THE ART OF INVITATION - 9TH-13TH NOVEMBER 2015, DEVON

 

Take a look at this excellent course about activating yourself and your communities via creative engagement.  The course brings together three unique thinkers and practitioners: Ruth Ben-Tovim, Lucy Neal and Anne-Marie Culhane.  See below and click the links for more info...

 

The Art of Invitation – Creative Engagement for Ourselves and Our Communities

 

Encounters is delighted to be back leading this course Monday, 9 November, 2015 – Friday, 13 November, 2015. Last year a dynamic and inspiring group of participants gathered at the world renowned Schumacher College and we look forward to a similarly creative experience this year.

Are you looking for effective ways to bring groups of people together and maintain their involvement?
Are you trying to encourage people to respond to the social and ecological challenges of our time and become active in the world?
Would you like to explore more creative ways of engaging communities?
Do you want to find out about inspirational ways to reach and include more diverse groups of people?
Do you want to learn about the craft of making things happen?
Would you like to explore how making art together can accelerate change?

Activating participation is an essential craft, and the course leaders looked at a range of approaches to invite people to Join In. Participants on the course learnt by doing and left having developed their own plans, activities and skills for change for their own projects, organisations and communities.

The course facilitator’s work spans creative projects in formal and informal spaces, working with communities, activists, politicians, policy makers, service providers, educators, seeking to develop and create change.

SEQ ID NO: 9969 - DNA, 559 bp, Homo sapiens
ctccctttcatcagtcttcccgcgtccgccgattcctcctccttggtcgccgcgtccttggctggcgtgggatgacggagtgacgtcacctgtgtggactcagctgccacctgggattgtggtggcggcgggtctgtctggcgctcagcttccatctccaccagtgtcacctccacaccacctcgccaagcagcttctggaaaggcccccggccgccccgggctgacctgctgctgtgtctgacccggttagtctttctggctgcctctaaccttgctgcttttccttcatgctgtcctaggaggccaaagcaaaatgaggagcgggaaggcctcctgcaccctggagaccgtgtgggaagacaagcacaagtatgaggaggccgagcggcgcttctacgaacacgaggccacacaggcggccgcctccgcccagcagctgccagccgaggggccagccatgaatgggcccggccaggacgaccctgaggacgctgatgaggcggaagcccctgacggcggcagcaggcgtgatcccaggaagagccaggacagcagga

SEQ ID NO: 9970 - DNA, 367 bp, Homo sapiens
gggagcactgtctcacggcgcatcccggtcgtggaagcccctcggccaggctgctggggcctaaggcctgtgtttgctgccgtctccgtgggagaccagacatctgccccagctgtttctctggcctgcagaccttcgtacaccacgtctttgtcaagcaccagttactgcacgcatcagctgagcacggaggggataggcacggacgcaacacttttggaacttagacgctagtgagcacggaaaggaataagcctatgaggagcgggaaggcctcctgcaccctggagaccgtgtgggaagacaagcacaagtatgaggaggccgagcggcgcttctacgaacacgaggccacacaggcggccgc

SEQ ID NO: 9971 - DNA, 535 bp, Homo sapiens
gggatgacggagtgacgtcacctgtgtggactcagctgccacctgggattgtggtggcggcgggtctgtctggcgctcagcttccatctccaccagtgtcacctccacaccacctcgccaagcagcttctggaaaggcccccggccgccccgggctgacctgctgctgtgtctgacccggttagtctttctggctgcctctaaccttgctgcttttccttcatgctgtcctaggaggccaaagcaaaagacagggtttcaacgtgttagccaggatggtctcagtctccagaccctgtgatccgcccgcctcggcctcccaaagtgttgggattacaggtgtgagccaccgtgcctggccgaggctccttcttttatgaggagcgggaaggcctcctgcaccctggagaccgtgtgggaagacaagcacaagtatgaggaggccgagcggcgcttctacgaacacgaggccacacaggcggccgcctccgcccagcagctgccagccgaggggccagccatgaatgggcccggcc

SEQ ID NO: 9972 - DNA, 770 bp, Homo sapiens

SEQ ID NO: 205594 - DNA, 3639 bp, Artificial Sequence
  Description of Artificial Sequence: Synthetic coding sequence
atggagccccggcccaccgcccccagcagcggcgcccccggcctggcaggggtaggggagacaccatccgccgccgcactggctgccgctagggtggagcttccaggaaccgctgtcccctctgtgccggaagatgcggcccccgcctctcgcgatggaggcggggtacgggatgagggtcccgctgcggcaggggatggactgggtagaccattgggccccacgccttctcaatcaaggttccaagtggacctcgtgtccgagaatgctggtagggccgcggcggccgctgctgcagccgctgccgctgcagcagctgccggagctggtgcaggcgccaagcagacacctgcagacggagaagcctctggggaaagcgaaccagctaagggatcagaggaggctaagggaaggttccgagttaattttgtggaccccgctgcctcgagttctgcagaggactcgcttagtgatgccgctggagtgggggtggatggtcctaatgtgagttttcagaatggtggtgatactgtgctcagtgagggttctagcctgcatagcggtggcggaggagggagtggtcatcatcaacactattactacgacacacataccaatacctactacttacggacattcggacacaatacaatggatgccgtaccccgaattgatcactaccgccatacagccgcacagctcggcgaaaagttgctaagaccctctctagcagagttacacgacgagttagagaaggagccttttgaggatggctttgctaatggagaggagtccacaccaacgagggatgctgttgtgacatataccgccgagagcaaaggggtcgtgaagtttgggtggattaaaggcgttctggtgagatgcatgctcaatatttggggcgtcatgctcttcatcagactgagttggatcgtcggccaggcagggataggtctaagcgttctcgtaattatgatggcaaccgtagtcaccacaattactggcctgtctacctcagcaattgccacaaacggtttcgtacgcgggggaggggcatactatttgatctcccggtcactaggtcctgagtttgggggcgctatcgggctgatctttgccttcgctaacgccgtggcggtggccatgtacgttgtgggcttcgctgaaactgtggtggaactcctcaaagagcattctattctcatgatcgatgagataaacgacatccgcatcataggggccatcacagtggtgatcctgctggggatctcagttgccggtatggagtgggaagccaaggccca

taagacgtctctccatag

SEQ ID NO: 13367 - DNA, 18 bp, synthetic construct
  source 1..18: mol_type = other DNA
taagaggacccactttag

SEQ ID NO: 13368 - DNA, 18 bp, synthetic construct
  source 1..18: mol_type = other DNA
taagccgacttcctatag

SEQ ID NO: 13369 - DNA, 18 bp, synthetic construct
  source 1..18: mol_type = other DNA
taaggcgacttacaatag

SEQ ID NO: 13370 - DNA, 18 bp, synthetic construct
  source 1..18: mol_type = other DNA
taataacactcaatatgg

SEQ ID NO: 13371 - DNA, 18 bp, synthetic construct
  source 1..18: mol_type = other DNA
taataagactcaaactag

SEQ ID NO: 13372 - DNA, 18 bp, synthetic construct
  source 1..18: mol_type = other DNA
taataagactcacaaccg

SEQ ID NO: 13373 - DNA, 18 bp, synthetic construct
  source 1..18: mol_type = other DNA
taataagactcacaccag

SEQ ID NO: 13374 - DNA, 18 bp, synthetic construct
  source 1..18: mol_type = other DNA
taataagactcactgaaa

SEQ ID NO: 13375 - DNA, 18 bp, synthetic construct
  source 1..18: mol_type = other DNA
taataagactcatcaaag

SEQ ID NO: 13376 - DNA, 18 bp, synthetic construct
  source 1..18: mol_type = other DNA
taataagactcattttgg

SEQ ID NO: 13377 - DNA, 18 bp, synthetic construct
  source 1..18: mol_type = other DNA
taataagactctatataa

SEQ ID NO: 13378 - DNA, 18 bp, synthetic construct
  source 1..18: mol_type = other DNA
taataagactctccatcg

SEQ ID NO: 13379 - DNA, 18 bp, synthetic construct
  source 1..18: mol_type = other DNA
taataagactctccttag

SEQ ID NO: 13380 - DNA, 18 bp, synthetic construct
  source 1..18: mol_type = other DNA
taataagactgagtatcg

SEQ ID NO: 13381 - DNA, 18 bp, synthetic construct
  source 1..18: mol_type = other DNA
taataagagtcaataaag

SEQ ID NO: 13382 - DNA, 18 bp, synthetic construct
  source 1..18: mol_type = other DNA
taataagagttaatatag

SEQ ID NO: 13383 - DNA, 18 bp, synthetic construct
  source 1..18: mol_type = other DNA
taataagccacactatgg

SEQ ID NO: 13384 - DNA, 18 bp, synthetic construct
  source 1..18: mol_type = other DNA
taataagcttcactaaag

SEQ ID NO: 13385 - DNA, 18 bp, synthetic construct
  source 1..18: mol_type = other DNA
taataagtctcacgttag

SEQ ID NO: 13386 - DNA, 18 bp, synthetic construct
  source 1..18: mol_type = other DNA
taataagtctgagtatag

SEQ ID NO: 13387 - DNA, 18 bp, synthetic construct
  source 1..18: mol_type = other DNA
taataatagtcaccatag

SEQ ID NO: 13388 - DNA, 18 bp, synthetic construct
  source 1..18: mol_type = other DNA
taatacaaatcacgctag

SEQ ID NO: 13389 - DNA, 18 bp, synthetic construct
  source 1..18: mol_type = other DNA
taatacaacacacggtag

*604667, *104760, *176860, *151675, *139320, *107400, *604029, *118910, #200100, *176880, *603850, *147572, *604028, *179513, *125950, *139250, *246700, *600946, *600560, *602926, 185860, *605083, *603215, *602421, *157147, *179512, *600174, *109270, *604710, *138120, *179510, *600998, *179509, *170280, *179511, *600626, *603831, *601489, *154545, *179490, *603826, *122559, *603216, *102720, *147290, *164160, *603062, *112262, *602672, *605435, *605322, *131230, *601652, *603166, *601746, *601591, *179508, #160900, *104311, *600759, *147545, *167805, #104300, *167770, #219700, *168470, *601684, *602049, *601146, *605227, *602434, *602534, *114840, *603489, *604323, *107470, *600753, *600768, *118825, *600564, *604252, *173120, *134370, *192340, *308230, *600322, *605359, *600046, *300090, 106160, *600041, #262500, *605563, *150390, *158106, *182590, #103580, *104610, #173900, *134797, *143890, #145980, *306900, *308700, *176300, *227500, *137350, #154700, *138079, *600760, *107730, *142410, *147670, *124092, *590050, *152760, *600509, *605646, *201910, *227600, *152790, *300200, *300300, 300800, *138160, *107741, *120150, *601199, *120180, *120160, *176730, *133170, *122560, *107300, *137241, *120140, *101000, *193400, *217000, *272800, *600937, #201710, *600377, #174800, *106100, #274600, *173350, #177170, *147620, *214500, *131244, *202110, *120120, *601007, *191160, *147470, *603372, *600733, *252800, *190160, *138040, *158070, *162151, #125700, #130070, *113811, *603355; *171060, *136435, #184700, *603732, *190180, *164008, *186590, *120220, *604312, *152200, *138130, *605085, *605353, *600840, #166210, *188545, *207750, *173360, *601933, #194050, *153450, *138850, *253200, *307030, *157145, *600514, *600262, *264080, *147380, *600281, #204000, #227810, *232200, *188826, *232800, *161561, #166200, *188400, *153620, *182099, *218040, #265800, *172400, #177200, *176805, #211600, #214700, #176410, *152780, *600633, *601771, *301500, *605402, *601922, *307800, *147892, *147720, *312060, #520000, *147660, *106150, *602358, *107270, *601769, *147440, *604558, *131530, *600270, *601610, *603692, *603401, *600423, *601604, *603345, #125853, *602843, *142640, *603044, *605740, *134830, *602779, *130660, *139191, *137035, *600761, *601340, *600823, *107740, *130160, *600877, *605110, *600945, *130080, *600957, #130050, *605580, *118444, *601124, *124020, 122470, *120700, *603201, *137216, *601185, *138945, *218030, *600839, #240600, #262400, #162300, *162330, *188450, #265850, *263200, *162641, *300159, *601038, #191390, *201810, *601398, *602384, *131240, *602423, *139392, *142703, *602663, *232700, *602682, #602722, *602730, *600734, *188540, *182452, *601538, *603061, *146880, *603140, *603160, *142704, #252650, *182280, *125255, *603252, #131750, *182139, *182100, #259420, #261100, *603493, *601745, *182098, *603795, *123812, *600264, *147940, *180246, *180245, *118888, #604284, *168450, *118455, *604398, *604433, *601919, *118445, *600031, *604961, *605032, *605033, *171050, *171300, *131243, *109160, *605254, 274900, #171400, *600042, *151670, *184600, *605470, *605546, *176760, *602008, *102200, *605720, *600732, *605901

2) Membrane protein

Join us for a week of creative exploration. Each day will include sessions focusing on inspiring case studies, specialist workshops and presentations from contributors. This will be combined with practical group work, celebration, solo reflection time, and 1:1 mentoring to develop your own practice and process.

Participants are encouraged to bring their own project ideas, plans and experiences as material to develop within the course. At the end of the week you will come away with new creative tools for change that can resource you and the projects, communities and organisations that you are involved with and give you the confidence and skills to create new ones.

Ruth Ben-Tovim
Ruth is the Creative Director of Encounters. As a professional artist and consultant, she has used the transformational power of the arts to work with thousands of people over the last 20 years. Encounters specialise in designing and delivering tailor made participatory arts projects in arts, education, community, environmental and regeneration contexts.